Country music star Hal Ketchum, who found fame in the ’1990s with the critically acclaimed album “Past The Point of Rescue,” passed away at home, according to a report in The New York Post entitled “Country singer Hal Ketchum dead at 67 after battle with dementia.” His death was hard enough on his family. The high medical bills and expenses associated with his dementia are still with them.
Ketchum’s wife Andrea shared the news on his Facebook page, writing: “With great sadness and grief, we announce that Hal passed away peacefully last night at home due to complications of dementia. “May his music live on forever in your hearts and bring you peace. Andrea.”
Ketchum was diagnosed with acute transverse myelitis, an ailment of the spinal column, which forced him to relearn basic tasks, such as how to walk and play the guitar.
However, he continued to record and would often hit the Billboard Hot Country Songs charts. Ketchum sold more than five million records in his career. His two most famous songs were “Small Town Saturday Night” and “Hearts Are Gonna Roll.”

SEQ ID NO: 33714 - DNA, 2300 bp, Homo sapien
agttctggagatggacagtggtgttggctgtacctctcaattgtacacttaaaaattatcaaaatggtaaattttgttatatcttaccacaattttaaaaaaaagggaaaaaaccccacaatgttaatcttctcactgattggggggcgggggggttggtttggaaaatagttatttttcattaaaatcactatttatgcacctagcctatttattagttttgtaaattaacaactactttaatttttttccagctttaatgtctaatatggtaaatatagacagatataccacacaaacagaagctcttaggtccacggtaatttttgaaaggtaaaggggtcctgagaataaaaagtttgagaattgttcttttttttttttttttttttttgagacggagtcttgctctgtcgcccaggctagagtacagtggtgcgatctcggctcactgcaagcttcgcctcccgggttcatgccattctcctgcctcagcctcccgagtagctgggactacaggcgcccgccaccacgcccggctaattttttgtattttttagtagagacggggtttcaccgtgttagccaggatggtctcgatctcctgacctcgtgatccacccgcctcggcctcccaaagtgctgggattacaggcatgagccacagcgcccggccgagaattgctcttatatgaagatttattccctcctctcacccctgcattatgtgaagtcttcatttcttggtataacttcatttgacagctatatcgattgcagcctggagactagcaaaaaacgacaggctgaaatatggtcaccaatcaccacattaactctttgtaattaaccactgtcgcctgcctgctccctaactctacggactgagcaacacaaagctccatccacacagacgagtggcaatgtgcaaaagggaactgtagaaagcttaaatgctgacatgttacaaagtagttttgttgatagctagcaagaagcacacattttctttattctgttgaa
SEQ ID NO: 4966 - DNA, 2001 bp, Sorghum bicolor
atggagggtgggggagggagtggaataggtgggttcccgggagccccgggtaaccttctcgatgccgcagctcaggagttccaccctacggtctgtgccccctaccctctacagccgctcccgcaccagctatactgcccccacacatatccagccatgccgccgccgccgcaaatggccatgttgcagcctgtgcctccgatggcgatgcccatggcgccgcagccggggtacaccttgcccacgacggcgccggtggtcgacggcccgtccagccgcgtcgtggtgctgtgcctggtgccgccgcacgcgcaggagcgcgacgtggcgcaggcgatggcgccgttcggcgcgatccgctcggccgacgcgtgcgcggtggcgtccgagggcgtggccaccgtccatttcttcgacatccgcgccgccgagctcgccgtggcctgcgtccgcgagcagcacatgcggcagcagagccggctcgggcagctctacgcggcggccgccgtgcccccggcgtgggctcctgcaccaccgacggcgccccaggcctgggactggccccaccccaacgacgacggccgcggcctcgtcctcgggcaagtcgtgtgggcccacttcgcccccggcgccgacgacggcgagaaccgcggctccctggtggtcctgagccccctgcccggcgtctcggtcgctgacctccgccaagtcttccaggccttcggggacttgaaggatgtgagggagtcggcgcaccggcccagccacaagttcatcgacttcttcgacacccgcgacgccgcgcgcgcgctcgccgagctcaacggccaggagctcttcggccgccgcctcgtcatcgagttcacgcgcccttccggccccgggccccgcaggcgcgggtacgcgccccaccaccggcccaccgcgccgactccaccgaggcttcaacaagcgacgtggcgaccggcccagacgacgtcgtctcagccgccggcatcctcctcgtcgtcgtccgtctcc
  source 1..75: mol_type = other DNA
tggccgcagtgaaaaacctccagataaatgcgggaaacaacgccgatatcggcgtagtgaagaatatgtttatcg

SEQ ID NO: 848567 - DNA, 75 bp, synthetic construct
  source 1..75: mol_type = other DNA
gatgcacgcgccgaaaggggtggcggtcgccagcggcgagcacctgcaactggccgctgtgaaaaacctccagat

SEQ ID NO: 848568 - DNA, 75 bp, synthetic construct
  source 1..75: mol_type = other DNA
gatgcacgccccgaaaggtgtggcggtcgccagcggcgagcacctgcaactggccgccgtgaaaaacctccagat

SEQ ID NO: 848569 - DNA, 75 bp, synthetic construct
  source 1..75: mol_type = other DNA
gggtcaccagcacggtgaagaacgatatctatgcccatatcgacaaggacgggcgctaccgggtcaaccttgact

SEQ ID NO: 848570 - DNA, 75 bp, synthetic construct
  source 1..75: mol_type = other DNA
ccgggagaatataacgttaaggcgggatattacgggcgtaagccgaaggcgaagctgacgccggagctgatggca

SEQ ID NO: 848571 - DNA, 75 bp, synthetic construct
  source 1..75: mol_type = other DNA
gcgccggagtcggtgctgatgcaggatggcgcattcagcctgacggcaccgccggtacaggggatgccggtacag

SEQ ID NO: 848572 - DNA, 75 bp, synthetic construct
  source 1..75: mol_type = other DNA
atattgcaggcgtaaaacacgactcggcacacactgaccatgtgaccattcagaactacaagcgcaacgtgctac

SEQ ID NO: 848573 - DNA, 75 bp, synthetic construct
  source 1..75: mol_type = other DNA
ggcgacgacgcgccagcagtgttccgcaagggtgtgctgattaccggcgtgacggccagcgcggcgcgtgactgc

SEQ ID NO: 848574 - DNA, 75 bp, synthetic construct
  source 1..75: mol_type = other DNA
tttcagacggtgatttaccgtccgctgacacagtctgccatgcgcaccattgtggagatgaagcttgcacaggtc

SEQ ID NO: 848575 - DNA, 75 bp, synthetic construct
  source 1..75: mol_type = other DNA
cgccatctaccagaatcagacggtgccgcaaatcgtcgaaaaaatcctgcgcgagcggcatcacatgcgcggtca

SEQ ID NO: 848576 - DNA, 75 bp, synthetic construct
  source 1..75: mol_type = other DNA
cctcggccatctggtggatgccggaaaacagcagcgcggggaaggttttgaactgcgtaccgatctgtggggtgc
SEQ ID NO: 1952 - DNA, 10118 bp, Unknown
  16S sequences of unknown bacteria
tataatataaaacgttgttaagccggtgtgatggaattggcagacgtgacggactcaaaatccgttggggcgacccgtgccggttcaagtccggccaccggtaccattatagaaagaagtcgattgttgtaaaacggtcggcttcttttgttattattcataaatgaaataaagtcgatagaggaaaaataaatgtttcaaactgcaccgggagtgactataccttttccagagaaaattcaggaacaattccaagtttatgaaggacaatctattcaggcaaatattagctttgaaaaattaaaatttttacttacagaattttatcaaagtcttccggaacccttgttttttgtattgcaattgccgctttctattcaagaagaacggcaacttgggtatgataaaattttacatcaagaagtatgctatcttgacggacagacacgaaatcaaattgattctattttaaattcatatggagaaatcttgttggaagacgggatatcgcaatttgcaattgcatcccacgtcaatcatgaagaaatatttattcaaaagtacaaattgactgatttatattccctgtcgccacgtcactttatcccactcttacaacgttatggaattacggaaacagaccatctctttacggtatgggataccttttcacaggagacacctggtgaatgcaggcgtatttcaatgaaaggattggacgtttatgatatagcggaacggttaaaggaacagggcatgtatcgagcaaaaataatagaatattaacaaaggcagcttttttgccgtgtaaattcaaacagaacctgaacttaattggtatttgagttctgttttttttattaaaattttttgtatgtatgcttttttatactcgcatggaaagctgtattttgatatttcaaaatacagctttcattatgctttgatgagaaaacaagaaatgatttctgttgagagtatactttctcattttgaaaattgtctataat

He has had his songs recorded by many artists, including Trisha Yearwood and Neal Diamond. Ketchum earned five million-air awards from BMI, acknowledging those songs that have been broadcast over one million times.
In 2019 his wife announced he was suffering from early on-set senile dementia and would no longer be touring.
“Dementia is an exhausting and confusing illness and now it’s time for Hal to stay home with loved ones,” she shared, saying that he was glad to be at home with friends and family.
Dementia is more frequently found in people over the age of 65. However, it can also affect younger people. Early onset of the disease can start when people are in their 30s, 40s, or 50s. Treatment and early diagnosis can slow the progression of the disease and maintain mental function.
Ketchum’s family organized a benefit concert in January 2020 to help with medical bills and raised over $20,000.
“Hal has sung his last tune for us on this earthly plane of existence,” read the description of the concert, according to The Sun.
“He can no longer tour or make records to support his family. Now it’s time for us to step up and help with the almost insurmountable medical bills and living expenses that are piling up.”
Ketchum became an addict at 15 after losing his mom to MS. He started with alcohol and moved on to drugs, including cocaine. However, he became sober in 1997, after spending a month at the Betty Ford Clinic. He married his wife Andrea in 2014.
Reference: New York Post (Nov. 24, 2020) “Country singer Hal Ketchum dead at 67 after battle with dementia”